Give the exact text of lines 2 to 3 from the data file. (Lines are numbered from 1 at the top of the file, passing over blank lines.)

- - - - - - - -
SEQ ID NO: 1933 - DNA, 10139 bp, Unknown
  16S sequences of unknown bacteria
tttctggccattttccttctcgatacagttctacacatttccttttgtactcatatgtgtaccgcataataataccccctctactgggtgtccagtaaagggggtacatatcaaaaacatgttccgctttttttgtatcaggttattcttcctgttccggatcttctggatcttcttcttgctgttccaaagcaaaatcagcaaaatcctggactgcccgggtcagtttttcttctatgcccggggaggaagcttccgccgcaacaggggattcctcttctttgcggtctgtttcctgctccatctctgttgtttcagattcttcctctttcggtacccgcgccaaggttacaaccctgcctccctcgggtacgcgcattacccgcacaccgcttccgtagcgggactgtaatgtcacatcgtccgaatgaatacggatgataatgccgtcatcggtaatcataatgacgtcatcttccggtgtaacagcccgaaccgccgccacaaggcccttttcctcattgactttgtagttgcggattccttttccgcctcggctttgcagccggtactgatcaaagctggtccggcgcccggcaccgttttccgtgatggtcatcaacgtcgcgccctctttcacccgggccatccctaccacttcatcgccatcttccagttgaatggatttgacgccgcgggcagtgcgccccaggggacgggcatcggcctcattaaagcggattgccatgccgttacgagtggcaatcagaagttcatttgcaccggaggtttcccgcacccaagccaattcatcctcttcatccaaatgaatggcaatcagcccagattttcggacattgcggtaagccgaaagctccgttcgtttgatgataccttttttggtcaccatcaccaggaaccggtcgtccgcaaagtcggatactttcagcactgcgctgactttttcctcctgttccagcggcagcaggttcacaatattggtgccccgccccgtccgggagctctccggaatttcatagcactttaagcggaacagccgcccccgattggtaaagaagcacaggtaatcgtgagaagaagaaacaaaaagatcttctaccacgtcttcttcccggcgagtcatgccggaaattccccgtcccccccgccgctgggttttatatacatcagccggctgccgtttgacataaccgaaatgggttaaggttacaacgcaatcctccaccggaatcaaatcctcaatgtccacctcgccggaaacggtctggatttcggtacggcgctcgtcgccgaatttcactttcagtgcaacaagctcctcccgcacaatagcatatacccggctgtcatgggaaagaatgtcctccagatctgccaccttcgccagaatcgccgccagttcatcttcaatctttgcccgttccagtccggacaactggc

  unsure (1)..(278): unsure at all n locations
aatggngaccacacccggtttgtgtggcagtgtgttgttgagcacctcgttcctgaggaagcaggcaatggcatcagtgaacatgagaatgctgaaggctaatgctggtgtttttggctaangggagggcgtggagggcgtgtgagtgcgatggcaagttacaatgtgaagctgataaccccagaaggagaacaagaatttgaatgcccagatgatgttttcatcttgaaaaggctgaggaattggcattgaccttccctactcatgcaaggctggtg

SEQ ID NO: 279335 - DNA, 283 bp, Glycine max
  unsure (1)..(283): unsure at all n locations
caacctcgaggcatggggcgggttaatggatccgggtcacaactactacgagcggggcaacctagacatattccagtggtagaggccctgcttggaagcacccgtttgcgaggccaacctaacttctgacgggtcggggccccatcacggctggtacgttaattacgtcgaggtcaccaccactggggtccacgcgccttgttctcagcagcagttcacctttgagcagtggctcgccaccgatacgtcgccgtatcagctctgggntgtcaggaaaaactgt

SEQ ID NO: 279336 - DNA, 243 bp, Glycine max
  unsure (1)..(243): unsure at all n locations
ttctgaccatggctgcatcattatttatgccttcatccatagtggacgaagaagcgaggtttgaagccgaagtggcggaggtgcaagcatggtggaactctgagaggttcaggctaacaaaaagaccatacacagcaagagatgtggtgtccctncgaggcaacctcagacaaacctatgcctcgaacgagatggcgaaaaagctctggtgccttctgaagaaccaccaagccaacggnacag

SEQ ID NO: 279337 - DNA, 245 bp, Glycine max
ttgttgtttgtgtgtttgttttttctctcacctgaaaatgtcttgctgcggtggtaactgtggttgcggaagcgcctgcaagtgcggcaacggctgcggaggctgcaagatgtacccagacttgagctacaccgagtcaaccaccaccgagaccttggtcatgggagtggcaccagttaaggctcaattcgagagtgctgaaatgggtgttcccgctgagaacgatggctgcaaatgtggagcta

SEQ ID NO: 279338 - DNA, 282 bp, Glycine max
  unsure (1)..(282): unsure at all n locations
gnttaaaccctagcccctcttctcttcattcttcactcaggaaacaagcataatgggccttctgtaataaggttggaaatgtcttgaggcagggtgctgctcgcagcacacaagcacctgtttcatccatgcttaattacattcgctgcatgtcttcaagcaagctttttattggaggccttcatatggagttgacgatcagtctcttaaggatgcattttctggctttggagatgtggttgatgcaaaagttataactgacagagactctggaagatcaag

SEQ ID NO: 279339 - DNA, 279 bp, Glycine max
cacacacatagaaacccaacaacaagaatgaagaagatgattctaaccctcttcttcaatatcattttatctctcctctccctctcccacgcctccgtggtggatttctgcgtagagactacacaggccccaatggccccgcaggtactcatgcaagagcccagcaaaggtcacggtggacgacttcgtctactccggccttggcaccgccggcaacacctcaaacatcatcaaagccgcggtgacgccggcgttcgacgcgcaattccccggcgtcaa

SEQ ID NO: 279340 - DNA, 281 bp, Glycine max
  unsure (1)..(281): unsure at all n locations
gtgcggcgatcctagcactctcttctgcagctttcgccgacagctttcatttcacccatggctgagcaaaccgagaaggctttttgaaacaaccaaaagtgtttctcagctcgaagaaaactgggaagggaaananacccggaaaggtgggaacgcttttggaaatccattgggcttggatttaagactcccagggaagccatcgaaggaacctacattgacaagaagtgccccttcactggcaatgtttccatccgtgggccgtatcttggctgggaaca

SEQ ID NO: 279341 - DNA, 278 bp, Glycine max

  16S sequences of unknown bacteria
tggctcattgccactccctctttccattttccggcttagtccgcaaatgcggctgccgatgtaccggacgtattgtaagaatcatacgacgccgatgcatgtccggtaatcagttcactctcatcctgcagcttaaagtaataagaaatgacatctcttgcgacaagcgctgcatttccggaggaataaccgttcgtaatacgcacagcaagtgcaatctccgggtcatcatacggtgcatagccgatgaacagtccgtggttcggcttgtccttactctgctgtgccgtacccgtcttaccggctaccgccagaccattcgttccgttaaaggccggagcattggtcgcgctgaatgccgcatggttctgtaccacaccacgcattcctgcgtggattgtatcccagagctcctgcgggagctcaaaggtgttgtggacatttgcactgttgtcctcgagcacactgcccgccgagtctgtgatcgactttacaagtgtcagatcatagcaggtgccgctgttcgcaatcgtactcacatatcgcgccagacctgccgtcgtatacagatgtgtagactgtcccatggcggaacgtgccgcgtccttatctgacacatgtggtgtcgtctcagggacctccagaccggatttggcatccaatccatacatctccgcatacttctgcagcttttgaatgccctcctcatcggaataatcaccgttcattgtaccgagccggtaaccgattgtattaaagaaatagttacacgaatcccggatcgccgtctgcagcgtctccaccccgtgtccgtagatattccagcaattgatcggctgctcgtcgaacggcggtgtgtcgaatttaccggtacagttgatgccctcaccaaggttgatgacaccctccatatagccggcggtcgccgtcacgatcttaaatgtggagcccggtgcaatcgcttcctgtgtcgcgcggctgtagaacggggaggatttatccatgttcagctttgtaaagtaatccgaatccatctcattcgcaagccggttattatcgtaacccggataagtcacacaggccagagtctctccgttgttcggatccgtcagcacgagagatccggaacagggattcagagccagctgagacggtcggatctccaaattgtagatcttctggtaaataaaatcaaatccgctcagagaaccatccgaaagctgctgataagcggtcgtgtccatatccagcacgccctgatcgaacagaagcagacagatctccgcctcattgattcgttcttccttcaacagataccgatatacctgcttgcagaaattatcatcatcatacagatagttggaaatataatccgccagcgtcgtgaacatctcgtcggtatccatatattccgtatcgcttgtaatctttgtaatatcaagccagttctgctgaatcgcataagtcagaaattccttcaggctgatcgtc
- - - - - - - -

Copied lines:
  16S sequences of unknown bacteria
tttctggccattttccttctcgatacagttctacacatttccttttgtactcatatgtgtaccgcataataataccccctctactgggtgtccagtaaagggggtacatatcaaaaacatgttccgctttttttgtatcaggttattcttcctgttccggatcttctggatcttcttcttgctgttccaaagcaaaatcagcaaaatcctggactgcccgggtcagtttttcttctatgcccggggaggaagcttccgccgcaacaggggattcctcttctttgcggtctgtttcctgctccatctctgttgtttcagattcttcctctttcggtacccgcgccaaggttacaaccctgcctccctcgggtacgcgcattacccgcacaccgcttccgtagcgggactgtaatgtcacatcgtccgaatgaatacggatgataatgccgtcatcggtaatcataatgacgtcatcttccggtgtaacagcccgaaccgccgccacaaggcccttttcctcattgactttgtagttgcggattccttttccgcctcggctttgcagccggtactgatcaaagctggtccggcgcccggcaccgttttccgtgatggtcatcaacgtcgcgccctctttcacccgggccatccctaccacttcatcgccatcttccagttgaatggatttgacgccgcgggcagtgcgccccaggggacgggcatcggcctcattaaagcggattgccatgccgttacgagtggcaatcagaagttcatttgcaccggaggtttcccgcacccaagccaattcatcctcttcatccaaatgaatggcaatcagcccagattttcggacattgcggtaagccgaaagctccgttcgtttgatgataccttttttggtcaccatcaccaggaaccggtcgtccgcaaagtcggatactttcagcactgcgctgactttttcctcctgttccagcggcagcaggttcacaatattggtgccccgccccgtccgggagctctccggaatttcatagcactttaagcggaacagccgcccccgattggtaaagaagcacaggtaatcgtgagaagaagaaacaaaaagatcttctaccacgtcttcttcccggcgagtcatgccggaaattccccgtcccccccgccgctgggttttatatacatcagccggctgccgtttgacataaccgaaatgggttaaggttacaacgcaatcctccaccggaatcaaatcctcaatgtccacctcgccggaaacggtctggatttcggtacggcgctcgtcgccgaatttcactttcagtgcaacaagctcctcccgcacaatagcatatacccggctgtcatgggaaagaatgtcctccagatctgccaccttcgccagaatcgccgccagttcatcttcaatctttgcccgttccagtccggacaactggc